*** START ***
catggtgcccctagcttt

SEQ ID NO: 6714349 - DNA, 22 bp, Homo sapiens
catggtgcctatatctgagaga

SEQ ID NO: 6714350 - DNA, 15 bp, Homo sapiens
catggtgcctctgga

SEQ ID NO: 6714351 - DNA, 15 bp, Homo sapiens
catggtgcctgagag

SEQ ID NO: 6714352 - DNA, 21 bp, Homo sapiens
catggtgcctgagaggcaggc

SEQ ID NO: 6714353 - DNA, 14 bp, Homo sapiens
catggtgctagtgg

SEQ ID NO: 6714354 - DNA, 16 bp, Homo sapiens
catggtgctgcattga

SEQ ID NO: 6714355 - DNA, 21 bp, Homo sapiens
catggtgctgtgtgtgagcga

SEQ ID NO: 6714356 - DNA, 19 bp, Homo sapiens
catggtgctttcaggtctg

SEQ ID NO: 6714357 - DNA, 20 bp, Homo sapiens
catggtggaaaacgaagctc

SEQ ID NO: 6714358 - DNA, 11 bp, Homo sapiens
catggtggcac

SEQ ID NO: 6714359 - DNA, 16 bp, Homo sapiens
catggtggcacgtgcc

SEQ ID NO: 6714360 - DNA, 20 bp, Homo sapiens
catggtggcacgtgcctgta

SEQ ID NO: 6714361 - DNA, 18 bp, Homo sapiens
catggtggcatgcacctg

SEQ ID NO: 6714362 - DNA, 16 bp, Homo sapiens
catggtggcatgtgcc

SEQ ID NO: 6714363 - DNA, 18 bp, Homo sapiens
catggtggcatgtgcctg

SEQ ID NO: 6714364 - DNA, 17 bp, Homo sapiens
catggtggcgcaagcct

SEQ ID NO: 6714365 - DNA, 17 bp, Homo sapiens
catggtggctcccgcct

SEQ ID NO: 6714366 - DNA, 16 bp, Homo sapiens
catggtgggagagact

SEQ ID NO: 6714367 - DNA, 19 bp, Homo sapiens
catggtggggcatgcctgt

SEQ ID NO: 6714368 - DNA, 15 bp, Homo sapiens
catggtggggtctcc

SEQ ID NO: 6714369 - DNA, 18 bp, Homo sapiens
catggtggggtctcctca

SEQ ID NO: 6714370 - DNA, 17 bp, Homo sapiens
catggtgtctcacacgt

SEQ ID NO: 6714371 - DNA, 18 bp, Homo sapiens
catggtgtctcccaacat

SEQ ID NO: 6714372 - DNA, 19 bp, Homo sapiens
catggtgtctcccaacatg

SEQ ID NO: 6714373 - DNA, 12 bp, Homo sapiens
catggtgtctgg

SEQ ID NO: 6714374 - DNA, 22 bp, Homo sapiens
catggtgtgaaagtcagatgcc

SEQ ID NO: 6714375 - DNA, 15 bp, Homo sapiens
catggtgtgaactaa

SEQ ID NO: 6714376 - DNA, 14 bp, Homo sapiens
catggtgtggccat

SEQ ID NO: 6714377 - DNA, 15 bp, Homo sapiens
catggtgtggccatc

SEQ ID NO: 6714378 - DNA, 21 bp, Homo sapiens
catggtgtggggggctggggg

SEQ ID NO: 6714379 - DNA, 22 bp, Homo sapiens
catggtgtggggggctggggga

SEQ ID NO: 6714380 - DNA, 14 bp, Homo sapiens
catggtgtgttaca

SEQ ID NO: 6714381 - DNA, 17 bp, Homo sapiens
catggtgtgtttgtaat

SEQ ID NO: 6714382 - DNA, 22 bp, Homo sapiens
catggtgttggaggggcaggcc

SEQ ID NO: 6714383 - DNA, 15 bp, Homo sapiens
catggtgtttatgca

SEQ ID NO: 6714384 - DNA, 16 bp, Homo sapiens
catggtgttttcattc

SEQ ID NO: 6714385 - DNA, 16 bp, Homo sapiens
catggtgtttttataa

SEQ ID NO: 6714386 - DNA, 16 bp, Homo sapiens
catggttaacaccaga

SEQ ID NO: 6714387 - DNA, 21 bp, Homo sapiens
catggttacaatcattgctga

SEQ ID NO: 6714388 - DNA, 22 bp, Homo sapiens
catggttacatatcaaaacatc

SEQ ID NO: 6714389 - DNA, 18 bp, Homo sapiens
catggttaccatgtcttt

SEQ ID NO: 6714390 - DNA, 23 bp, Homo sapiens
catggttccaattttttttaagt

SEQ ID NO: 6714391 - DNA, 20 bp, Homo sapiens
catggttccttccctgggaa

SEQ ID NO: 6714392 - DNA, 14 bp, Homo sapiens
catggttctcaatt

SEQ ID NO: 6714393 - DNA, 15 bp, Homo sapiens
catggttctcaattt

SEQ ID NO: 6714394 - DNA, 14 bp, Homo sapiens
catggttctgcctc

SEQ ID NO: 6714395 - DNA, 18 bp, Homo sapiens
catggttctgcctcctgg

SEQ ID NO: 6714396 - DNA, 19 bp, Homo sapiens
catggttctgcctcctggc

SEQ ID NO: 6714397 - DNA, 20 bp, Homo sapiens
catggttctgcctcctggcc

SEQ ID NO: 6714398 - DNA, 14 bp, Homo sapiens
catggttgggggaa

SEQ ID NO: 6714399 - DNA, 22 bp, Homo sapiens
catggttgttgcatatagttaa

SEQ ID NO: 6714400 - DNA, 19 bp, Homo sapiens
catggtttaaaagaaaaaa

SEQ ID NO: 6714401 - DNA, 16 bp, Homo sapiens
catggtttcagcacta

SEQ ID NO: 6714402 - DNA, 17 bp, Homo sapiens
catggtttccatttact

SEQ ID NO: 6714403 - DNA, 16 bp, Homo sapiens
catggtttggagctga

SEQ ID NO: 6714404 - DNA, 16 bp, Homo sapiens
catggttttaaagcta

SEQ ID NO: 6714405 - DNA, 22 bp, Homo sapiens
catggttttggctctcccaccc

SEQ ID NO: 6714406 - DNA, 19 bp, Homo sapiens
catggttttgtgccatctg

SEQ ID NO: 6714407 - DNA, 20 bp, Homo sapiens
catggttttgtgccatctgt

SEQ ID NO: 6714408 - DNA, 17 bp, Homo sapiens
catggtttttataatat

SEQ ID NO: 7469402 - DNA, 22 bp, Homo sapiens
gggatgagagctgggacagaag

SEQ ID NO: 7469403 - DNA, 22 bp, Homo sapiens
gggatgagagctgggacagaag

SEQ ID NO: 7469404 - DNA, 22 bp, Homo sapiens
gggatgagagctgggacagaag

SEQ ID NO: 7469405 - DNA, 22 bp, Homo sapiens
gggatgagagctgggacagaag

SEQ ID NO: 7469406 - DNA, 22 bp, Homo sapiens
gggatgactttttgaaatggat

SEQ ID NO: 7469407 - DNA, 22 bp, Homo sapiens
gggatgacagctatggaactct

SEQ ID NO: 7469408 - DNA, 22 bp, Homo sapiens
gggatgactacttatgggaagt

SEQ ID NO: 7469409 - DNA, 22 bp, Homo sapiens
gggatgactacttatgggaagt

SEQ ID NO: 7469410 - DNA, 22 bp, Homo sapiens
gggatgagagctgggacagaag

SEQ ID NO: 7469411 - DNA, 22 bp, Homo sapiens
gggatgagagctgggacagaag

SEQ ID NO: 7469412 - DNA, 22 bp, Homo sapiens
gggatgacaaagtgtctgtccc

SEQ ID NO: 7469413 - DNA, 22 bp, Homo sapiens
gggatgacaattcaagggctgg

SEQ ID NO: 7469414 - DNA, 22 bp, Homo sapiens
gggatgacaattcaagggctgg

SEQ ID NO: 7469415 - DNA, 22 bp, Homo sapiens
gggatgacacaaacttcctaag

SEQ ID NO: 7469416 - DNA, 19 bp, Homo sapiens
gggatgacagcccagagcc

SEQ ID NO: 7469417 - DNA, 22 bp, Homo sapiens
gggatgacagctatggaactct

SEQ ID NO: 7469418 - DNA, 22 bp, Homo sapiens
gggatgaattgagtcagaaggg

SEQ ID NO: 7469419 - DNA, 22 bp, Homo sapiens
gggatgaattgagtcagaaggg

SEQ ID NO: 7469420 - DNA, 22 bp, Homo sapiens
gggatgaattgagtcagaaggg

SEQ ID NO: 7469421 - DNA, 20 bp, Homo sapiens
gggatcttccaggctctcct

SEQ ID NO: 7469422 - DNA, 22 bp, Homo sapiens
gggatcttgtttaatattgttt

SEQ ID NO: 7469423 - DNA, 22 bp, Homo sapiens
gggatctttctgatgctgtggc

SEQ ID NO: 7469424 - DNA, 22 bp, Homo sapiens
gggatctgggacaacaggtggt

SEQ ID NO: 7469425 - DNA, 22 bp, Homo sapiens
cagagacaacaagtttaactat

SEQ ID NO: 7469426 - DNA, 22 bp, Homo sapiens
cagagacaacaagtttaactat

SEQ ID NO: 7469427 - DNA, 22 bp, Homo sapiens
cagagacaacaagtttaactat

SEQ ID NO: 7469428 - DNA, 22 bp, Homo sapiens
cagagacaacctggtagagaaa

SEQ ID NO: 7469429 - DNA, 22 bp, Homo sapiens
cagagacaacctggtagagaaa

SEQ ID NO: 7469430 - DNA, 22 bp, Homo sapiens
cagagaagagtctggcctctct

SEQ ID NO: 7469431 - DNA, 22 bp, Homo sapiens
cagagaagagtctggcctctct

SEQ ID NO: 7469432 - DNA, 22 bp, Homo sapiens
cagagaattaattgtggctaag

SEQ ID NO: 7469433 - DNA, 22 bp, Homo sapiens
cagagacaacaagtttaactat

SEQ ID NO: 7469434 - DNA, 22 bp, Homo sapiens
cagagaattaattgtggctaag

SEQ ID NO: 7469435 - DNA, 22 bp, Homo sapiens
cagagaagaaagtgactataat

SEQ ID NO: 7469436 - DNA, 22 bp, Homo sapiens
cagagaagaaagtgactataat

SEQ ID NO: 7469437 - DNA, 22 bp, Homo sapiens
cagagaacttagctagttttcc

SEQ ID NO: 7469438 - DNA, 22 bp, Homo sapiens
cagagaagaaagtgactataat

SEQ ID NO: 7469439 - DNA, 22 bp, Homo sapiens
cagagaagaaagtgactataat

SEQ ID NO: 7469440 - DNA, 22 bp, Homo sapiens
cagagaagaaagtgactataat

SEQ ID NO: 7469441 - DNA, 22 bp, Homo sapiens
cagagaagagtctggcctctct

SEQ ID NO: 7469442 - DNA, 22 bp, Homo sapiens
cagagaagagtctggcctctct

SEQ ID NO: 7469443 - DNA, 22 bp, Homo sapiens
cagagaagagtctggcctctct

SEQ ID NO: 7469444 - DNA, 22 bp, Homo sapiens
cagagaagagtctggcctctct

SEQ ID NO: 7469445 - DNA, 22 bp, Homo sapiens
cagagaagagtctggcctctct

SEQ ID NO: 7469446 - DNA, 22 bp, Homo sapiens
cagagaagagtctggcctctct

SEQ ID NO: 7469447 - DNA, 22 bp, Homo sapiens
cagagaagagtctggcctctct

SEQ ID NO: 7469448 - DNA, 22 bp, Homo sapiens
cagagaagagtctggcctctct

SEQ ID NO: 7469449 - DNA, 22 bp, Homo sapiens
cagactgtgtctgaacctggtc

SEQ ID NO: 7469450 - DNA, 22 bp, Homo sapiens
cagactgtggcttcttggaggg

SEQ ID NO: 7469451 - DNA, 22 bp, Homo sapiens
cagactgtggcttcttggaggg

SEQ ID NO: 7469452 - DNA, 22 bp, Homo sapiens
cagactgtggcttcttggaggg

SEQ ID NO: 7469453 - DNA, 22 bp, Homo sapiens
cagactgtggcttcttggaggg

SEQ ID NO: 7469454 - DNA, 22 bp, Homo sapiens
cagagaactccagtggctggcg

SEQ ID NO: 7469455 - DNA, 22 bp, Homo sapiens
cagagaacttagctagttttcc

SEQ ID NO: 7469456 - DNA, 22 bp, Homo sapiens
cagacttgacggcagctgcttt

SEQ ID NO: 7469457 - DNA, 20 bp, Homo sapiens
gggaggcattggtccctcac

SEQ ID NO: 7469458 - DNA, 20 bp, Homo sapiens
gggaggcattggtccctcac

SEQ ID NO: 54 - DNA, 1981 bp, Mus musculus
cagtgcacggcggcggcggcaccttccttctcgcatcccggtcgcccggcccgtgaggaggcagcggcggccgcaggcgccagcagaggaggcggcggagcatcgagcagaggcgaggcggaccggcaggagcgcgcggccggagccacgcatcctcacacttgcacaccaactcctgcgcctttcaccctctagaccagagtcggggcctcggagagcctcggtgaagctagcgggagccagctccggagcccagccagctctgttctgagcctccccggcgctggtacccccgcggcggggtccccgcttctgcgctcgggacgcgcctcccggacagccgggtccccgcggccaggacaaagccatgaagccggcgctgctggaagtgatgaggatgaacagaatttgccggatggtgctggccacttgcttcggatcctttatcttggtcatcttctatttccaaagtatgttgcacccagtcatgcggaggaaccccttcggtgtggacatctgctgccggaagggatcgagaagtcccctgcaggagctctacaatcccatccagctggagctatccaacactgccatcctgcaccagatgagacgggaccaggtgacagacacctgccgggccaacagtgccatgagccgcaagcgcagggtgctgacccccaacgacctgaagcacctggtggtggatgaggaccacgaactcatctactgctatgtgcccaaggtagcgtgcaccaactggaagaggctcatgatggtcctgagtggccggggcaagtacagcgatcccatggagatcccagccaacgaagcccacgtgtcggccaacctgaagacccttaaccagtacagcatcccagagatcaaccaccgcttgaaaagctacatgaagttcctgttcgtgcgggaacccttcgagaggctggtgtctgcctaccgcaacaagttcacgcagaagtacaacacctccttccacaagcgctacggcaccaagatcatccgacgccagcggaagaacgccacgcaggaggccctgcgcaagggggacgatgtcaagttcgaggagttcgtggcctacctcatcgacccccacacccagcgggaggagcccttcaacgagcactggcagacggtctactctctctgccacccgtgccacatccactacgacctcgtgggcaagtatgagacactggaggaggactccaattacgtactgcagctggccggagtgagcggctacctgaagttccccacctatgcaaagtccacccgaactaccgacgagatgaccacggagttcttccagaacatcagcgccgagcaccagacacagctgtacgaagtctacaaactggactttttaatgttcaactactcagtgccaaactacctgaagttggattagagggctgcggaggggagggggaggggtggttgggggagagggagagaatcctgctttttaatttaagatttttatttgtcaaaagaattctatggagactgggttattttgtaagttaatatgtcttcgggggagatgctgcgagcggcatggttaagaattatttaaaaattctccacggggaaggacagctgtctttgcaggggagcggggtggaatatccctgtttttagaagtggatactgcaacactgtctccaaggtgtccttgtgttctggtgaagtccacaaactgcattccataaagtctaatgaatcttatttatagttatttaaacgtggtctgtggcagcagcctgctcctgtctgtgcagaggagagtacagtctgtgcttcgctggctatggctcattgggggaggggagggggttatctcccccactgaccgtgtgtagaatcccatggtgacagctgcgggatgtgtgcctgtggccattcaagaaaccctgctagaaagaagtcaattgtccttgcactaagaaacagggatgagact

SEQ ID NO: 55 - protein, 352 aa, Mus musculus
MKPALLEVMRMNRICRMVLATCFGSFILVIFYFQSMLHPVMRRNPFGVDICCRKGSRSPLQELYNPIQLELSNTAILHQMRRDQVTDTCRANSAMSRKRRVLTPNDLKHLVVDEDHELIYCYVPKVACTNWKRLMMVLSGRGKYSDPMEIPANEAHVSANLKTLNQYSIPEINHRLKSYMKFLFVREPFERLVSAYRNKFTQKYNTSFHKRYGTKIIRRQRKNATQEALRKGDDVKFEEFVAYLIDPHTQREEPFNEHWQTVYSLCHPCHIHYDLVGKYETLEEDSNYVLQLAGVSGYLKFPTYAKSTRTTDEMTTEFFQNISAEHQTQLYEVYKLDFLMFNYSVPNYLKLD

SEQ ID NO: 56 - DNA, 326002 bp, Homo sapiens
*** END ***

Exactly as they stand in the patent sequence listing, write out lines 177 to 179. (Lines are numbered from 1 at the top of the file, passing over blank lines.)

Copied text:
cagagacaacctggtagagaaa

SEQ ID NO: 7469430 - DNA, 22 bp, Homo sapiens
cagagaagagtctggcctctct